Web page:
A-LOGIC is a full-length book (600+ pg). It functions as a system of logic designed to: 1) solve the standard paradoxes and major problems of standard mathematical logic; 2) minimize that logic's anomalies with respect to ordinary language, yet; 3) prove that all theorems in mathematical logic are tautologies.
It covers lst order logic the logic of the words "and", "or", "not", "all" and "some". But it also has a non truth functional "if...then" and differs in its definition of validity, its semantics and its theorems. In the book A-logic is contrasted step by step with standard mathematical logic as presented and defended by Quine.
All of standard logic's theorems are proven tautologies in A-logic. But some argument-forms called "valid" in standard logic are not valid in A-logic -- notably non-sequiturs like "(P and not-P), therefore Q". In addition A-logic has many tautologies with its non-truthfunctional "if ... then" that standard logic can not derive -- e.g., "Not-(if P&Q then not-P)."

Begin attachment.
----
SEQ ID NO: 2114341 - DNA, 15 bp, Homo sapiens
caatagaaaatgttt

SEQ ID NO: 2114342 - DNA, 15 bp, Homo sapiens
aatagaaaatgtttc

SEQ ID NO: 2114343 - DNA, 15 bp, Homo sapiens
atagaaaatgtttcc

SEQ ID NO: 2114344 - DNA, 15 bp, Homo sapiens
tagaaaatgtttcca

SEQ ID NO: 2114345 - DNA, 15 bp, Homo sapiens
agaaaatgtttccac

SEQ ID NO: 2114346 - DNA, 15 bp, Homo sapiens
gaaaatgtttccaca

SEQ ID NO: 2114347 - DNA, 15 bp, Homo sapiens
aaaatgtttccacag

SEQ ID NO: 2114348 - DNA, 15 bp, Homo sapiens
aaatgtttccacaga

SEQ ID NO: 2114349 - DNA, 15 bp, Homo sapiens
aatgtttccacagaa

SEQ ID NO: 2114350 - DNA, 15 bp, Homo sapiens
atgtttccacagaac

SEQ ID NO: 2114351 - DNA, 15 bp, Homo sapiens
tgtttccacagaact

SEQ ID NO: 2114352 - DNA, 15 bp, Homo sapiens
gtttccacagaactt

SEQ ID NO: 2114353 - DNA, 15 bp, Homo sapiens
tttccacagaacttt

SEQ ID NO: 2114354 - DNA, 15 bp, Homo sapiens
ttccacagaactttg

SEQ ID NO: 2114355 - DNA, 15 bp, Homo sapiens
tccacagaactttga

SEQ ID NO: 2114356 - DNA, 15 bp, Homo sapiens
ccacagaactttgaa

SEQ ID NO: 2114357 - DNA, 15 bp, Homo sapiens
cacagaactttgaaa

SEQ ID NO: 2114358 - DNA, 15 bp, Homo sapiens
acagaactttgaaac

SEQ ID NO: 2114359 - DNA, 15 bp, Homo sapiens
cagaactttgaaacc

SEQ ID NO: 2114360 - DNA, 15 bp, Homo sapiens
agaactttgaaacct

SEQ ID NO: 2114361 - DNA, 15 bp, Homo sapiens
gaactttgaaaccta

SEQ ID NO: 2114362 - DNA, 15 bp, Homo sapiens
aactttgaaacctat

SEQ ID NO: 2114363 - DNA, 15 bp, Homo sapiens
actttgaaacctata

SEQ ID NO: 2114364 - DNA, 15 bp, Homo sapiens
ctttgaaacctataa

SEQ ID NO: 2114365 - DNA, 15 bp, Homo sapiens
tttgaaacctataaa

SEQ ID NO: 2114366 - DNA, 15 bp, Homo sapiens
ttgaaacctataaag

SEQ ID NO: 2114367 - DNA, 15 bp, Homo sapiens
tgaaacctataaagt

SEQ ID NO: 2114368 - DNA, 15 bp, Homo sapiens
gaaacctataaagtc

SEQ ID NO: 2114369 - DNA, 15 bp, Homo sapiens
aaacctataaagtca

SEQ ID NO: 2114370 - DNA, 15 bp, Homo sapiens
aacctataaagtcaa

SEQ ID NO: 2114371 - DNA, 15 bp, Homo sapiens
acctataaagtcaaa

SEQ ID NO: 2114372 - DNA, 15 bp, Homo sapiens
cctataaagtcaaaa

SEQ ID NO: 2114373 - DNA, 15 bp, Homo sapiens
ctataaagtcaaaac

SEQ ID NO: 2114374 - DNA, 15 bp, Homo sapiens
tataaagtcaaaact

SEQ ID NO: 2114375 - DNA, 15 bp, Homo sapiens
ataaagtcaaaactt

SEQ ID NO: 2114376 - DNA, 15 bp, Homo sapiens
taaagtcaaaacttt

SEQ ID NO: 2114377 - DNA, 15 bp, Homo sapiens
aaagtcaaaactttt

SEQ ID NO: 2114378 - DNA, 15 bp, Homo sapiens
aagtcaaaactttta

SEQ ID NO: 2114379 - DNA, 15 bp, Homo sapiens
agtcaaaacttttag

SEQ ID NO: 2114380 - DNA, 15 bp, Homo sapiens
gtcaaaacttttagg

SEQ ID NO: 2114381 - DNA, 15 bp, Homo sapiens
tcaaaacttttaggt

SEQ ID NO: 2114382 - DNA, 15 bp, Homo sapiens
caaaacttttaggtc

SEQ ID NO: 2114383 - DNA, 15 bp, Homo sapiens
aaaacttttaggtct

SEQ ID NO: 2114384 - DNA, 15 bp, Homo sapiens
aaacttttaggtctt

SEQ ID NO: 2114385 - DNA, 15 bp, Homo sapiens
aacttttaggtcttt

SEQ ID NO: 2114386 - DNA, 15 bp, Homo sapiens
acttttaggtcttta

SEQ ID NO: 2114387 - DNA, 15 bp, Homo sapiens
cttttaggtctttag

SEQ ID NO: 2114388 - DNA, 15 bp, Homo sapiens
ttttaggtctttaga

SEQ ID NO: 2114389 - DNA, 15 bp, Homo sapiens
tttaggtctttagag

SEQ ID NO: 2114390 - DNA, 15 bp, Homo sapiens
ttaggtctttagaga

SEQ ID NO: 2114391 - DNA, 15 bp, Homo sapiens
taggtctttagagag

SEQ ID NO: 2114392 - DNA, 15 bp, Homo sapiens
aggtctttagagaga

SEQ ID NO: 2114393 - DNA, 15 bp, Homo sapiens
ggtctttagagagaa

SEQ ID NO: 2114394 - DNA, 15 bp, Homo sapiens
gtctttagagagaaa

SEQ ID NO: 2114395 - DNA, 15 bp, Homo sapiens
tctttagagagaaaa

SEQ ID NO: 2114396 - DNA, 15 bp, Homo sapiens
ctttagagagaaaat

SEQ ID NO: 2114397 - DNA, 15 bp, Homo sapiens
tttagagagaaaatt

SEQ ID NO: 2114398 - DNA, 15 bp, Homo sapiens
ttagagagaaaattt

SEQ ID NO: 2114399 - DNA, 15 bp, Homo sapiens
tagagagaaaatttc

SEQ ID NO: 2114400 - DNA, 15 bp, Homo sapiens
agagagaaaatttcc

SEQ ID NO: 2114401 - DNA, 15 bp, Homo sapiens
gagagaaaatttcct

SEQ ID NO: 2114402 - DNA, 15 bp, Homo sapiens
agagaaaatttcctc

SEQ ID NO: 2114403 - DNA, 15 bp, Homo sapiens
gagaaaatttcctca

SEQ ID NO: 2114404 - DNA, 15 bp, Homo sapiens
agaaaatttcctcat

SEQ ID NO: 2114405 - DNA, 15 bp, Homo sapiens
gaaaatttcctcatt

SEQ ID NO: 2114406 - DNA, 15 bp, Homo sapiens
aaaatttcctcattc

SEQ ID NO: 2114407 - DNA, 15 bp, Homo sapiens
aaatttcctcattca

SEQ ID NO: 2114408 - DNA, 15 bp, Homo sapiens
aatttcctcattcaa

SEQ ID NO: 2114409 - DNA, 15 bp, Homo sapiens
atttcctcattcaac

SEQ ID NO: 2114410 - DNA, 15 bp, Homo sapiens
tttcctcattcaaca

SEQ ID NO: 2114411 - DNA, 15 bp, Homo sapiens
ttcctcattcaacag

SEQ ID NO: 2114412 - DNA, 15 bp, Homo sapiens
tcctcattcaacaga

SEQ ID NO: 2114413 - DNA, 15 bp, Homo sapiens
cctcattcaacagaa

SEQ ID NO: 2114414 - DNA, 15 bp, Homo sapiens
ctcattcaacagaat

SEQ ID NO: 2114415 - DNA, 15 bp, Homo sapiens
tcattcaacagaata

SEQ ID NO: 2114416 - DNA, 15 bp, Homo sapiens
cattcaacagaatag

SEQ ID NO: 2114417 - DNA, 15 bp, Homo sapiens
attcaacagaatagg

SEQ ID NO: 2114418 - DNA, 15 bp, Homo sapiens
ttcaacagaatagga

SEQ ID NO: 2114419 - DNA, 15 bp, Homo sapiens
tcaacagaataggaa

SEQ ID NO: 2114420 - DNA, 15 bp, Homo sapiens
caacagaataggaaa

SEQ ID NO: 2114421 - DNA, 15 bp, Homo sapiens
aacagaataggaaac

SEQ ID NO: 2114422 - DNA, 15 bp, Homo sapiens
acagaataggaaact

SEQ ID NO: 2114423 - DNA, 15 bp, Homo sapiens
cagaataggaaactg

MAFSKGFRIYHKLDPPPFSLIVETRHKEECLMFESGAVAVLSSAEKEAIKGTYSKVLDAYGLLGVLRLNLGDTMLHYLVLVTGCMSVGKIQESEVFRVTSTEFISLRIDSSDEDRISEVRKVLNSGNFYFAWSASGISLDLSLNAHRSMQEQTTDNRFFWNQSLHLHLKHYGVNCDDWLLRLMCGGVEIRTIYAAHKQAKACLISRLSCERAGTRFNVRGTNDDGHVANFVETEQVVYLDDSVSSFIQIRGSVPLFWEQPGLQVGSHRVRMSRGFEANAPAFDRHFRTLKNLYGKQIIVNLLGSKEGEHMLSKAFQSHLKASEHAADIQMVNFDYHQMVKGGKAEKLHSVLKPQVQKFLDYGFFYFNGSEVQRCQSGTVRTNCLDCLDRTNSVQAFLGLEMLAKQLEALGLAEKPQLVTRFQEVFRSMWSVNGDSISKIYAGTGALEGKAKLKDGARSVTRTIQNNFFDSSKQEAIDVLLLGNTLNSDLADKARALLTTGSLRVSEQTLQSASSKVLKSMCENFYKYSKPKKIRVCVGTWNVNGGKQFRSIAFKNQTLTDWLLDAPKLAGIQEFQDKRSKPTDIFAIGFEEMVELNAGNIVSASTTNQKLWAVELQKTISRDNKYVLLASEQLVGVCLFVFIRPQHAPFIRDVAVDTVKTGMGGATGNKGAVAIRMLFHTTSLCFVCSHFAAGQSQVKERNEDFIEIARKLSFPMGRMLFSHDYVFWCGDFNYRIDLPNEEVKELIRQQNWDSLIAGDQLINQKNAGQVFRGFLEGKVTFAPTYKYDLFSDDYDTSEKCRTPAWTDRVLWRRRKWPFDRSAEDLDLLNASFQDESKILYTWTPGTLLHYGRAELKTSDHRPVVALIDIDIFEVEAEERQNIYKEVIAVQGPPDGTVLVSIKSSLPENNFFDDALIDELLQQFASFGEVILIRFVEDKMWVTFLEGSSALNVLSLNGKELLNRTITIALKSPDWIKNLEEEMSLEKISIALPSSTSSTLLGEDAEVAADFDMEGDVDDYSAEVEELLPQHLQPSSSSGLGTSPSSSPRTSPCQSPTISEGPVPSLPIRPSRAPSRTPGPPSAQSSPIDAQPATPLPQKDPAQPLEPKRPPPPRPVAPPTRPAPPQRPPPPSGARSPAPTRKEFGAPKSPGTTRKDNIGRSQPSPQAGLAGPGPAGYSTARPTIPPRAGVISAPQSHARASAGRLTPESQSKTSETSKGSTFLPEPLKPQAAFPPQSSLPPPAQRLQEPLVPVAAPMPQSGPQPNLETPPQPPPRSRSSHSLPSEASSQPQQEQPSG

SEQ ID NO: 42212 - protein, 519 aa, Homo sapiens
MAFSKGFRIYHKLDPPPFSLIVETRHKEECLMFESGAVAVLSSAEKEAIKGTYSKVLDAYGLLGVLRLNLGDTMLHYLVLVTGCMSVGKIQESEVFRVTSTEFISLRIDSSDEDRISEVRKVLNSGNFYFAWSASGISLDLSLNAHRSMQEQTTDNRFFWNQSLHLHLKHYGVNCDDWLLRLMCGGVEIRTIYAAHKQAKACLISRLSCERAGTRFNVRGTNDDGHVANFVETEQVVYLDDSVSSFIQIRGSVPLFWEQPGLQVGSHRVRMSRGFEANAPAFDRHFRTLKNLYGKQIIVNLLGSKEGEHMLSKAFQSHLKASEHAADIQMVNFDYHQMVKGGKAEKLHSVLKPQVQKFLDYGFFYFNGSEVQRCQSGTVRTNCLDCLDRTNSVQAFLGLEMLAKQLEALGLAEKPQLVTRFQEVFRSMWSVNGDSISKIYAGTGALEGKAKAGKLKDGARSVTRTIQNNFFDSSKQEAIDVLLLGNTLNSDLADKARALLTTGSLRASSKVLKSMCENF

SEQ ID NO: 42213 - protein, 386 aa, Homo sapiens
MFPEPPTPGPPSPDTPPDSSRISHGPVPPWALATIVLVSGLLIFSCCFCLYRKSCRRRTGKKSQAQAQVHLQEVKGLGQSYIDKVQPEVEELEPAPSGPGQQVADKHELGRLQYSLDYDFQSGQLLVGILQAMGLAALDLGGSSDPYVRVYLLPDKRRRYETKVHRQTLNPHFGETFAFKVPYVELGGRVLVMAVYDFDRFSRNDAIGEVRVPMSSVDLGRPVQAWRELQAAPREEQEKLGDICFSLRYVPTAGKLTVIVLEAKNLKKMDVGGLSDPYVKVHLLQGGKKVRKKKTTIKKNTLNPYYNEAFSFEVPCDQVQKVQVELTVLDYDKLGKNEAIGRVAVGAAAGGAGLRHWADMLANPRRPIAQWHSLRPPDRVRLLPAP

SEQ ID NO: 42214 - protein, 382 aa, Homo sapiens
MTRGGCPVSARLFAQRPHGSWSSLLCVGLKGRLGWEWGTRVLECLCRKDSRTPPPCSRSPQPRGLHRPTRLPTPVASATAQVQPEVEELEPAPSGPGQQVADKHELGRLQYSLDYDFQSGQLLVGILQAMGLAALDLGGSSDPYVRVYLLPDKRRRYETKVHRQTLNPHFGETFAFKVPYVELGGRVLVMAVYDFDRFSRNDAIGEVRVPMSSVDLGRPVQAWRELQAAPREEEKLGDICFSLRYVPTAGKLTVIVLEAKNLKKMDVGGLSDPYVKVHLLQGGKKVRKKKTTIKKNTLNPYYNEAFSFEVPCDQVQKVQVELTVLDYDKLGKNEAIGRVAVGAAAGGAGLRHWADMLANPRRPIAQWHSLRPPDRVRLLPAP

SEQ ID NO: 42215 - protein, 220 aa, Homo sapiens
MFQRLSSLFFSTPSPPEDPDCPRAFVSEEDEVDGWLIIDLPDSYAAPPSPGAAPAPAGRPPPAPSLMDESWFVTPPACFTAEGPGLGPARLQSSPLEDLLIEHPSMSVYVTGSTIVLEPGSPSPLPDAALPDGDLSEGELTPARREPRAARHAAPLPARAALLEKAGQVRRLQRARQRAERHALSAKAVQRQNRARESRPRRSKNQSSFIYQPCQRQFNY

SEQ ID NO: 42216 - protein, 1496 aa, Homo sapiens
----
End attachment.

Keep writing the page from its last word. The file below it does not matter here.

A-logic's semantics is based on syntactically defined concepts of logical synonymy and containment of meanings rather than on truth-values and truth-functions. Its "if...then" sentences (called "C-conditionals") are valid if and only if (i) the meaning of the consequent is logically contained in that of the antecedent, and (ii) the antecedent and consequent are jointly consistent. The predicate "valid" holds only of C-conditionals and arguments. No valid C-conditionals are translatable into standard logic though all of them imply tautologies of standard logic.
Logic and foundations of mathematics | Philosophy
Angell, Richard Bradshaw, "A-Logic" (2002). Philosophy Faculty Research Publications. Paper 1.